Mélenchon revives debate over nuclear’s supposed ‘volatility’ ahead of election

epa09920223 Far-Left party La France Insoumise (LFI) leader Jean-Luc Melenchon (C) arrives at the annual May Day march in Paris, France, 01 May 2022. Labour Day, also known as International Workers' Day or May Day, is observed worldwide on 01 May. EPA-EFE/YOAN VALAT [YOAN VALAT / EPA-EFE]

French far-left leader Jean-Luc Mélenchon has reiterated his opposition to nuclear ahead of the first round of the legislative elections this weekend, adding that he will maintain his stance if he is nominated to be prime minister. EURACTIV France reports.

Nuclear is “the most intermittent source of energy” today, Mélenchon, the leader of the recently formed left-wing alliance (NUPES) told broadcaster France Inter in an interview on Tuesday (7 June).

Half of France’s nuclear reactors have been forced to close, and are expected to remain so over the summer, due to high temperatures and disruptions in uranium supplies following the war in Ukraine.

The temporary situation affecting nuclear power production is nothing short of exceptional, said Greg de Temmerman, executive director of the Zenon Research think tank and scientific coordinator on the international nuclear project ITER from 2014 to 2020, told EURACTIV.

“It is common for reactors to produce less in the summer to adapt to water conditions,” he said, in reference to lower river flows. With water being necessary to cool reactors, the reduction in energy production “avoids contributing to the drying up and heating up of rivers,” he added.

Planned and organised

While acknowledging that nuclear plants are currently “under pressure,” de Temmerman emphasised that “there is no problem of safety” or supply security, and that all the shutdowns are “planned and organised.”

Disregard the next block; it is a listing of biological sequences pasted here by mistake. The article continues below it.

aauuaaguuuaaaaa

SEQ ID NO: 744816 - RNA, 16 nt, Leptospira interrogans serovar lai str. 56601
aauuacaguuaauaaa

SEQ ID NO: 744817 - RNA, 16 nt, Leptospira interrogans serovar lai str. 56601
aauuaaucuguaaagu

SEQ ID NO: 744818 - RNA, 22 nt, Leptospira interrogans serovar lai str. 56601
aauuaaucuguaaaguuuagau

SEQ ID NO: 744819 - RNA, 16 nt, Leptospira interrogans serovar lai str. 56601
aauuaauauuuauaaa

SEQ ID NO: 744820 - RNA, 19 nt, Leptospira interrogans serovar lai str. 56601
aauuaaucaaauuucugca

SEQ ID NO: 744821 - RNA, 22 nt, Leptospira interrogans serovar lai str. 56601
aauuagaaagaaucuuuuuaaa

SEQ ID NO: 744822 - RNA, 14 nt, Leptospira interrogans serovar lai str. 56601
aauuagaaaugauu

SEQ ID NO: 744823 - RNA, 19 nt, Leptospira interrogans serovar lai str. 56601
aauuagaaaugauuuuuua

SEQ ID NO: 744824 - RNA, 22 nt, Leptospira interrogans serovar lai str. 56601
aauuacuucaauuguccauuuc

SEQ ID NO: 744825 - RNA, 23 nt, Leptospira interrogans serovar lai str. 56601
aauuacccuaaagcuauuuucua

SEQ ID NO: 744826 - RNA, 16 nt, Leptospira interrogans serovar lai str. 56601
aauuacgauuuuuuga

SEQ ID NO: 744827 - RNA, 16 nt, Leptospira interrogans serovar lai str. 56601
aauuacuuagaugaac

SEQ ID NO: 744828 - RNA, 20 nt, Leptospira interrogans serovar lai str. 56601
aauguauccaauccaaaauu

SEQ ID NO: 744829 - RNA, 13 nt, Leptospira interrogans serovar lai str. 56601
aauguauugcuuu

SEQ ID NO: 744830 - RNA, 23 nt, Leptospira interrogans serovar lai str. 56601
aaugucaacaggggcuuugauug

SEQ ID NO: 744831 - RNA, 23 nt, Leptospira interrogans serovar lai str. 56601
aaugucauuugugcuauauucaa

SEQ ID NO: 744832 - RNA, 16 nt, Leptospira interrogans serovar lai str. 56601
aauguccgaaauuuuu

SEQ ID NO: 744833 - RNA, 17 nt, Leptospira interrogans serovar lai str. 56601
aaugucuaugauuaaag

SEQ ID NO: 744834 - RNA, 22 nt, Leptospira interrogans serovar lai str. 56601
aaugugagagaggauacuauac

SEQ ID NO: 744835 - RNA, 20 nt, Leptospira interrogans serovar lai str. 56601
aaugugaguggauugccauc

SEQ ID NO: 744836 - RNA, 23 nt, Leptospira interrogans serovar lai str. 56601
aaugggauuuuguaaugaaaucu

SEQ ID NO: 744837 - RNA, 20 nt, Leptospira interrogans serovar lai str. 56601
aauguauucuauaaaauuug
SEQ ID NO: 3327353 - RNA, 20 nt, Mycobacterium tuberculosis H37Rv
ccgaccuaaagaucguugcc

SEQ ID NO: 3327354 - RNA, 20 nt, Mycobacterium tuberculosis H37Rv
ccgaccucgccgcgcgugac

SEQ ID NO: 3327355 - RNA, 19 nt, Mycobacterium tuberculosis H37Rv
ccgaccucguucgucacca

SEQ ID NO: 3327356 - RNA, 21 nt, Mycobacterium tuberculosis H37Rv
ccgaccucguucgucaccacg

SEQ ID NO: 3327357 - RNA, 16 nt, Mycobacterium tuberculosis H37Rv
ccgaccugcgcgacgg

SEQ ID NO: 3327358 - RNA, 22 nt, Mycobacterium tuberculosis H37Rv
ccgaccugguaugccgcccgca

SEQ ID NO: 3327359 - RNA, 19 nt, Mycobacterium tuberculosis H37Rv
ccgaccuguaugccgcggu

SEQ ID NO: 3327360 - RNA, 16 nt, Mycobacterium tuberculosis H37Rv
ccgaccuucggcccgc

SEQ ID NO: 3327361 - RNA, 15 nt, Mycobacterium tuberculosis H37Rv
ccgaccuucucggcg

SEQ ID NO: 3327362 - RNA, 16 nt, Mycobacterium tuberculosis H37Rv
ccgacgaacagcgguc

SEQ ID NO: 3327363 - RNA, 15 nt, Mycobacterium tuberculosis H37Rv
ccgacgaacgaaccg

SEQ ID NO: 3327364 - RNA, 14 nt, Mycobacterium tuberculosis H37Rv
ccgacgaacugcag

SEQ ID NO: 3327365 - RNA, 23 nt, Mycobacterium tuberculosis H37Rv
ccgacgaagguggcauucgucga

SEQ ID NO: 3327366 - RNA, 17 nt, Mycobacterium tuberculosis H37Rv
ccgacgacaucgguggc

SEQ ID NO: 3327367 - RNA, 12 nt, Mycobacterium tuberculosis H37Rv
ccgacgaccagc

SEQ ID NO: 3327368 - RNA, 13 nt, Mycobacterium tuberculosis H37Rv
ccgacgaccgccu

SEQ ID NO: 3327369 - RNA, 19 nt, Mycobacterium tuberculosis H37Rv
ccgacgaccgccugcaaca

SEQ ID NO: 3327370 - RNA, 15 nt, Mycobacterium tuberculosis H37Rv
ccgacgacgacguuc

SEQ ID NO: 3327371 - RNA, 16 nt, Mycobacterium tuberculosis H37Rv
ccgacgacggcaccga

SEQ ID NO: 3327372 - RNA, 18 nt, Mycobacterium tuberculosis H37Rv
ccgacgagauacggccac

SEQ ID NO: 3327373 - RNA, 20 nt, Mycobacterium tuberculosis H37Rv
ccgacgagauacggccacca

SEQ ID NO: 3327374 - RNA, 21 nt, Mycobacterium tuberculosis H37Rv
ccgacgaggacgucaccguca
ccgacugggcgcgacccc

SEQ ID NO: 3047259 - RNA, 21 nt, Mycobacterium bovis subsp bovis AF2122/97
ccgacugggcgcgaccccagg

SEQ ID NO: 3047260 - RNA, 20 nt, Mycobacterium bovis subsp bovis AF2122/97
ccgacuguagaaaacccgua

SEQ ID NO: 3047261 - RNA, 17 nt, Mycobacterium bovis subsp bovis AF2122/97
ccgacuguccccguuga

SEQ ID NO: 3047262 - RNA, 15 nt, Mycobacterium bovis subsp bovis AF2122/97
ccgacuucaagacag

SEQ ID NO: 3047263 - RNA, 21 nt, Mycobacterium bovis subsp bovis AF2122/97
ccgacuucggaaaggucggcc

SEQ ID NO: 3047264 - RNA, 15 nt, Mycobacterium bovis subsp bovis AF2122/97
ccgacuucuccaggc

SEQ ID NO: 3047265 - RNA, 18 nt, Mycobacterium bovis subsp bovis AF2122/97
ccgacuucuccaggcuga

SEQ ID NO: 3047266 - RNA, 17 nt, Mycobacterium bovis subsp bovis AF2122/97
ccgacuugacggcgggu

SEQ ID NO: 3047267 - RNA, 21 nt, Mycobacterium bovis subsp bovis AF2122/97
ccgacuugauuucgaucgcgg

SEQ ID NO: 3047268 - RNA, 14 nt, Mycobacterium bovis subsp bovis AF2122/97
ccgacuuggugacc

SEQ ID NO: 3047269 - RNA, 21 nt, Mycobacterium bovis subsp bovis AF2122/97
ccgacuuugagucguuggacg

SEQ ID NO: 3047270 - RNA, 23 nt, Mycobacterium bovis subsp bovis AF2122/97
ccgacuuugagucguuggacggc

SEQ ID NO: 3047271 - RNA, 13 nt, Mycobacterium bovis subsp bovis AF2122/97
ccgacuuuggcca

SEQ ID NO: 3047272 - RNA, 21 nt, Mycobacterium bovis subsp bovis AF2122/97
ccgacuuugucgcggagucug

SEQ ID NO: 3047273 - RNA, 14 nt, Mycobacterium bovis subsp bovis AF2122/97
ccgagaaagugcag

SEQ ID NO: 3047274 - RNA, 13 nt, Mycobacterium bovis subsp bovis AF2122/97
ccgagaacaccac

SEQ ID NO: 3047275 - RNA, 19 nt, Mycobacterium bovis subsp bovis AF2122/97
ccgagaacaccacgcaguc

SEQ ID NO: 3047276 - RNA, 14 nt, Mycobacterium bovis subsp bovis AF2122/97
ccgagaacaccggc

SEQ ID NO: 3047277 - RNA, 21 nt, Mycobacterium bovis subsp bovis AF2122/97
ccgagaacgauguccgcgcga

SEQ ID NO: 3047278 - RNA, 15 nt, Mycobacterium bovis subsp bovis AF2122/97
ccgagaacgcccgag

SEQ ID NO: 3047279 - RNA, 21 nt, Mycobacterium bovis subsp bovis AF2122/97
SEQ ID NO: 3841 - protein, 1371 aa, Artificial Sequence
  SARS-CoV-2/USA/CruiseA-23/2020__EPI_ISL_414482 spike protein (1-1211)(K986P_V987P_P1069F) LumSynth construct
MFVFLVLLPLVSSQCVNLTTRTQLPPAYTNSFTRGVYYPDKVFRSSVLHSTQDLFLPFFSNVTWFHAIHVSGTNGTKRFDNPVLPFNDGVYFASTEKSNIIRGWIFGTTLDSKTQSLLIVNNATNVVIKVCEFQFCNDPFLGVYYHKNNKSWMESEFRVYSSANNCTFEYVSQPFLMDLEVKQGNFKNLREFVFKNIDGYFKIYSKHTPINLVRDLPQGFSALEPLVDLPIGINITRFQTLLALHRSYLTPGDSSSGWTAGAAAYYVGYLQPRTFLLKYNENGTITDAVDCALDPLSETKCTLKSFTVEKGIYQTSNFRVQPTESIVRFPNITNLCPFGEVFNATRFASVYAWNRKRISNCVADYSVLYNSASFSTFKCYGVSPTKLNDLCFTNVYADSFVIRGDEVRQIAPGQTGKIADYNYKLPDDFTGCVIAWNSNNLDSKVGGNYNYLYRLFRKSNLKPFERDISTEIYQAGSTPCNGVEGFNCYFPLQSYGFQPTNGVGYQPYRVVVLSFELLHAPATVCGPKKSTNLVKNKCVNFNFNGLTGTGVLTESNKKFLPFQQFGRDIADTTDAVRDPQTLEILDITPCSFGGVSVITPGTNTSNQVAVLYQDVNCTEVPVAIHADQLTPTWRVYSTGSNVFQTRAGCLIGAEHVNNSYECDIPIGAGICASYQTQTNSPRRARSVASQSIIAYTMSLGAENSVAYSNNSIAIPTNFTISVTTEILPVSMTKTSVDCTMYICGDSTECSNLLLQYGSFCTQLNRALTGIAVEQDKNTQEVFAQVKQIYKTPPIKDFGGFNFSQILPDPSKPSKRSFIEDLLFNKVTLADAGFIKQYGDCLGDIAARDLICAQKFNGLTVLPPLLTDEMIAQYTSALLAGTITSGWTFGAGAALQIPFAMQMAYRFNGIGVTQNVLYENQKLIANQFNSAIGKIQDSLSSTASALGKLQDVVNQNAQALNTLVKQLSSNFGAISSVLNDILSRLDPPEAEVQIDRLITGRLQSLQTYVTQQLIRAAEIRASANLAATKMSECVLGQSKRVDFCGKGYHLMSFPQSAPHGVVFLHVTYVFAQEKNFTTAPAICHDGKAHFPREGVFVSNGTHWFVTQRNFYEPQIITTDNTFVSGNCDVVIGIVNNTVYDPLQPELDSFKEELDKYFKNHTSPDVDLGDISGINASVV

According to him, there is, therefore, “no intermittency” – unlike with renewable solar and wind energy.

According to May figures compiled by France’s electricity transmission system operator RTE, wind power production varies by a factor of four depending on weather conditions. Production went from a low of 2,177 megawatts (MW) to a high of 8,335 MW, varying from 1 to 16% of total French electricity production.

Solar power production is also intermittent as it can only be collected during daylight.

French electricity production in May

For an energy source not to be intermittent, it must be able to be controlled and produced according to need. Phuc-Vinh Nguyen, a researcher in French and European energy policy, told EURACTIV that this is not the case for current nuclear reactors.

Nuclear energy is indeed controllable. During the month of May, it provided between 51% and 72% of the country’s electricity production, even though at the time, 27 of the country’s 56 nuclear reactors were shut down.

Of the nuclear reactors currently out of service, 12 are being checked for possible stress corrosion problems. For now, energy giant EDF has confirmed that this currently affects piping in the auxiliary circuits of the Civaux 1, Chooz 1 and Penly 1 reactors.

This has raised concerns about safety levels at France’s nuclear facilities.

While France’s nuclear safety authority found that the safety of nuclear installations was maintained at a “satisfactory” level in 2021, the organisation called for such issues to be placed at the centre of energy policy-related decisions – or at least at the same level as questions linked to decarbonising energy production.

Historical low production levels

But production levels have been at a historical low since the start of the year.

“The difference compared to a normal month of May is of the order of 10 to 15 gigawatts (GW), it is considerable,” RTE’s executive director Thomas Veyrenc said in Le Monde.

From around 48 GW in January for an installed capacity of 61.4 GW, the capacity of France’s reactors fell below the 30 GW mark in May.

EDF has thus revised downwards its nuclear production estimate for the whole of 2022, from 295-315 terawatt-hours (TWh) initially, to 280-300 TWh.

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Two years’ worth of reserves

On uranium stocks, de Temmerman said that “EDF has two years of fuel stocks, which allows us to see what is coming,” confirming the figures of the French Nuclear Energy Society.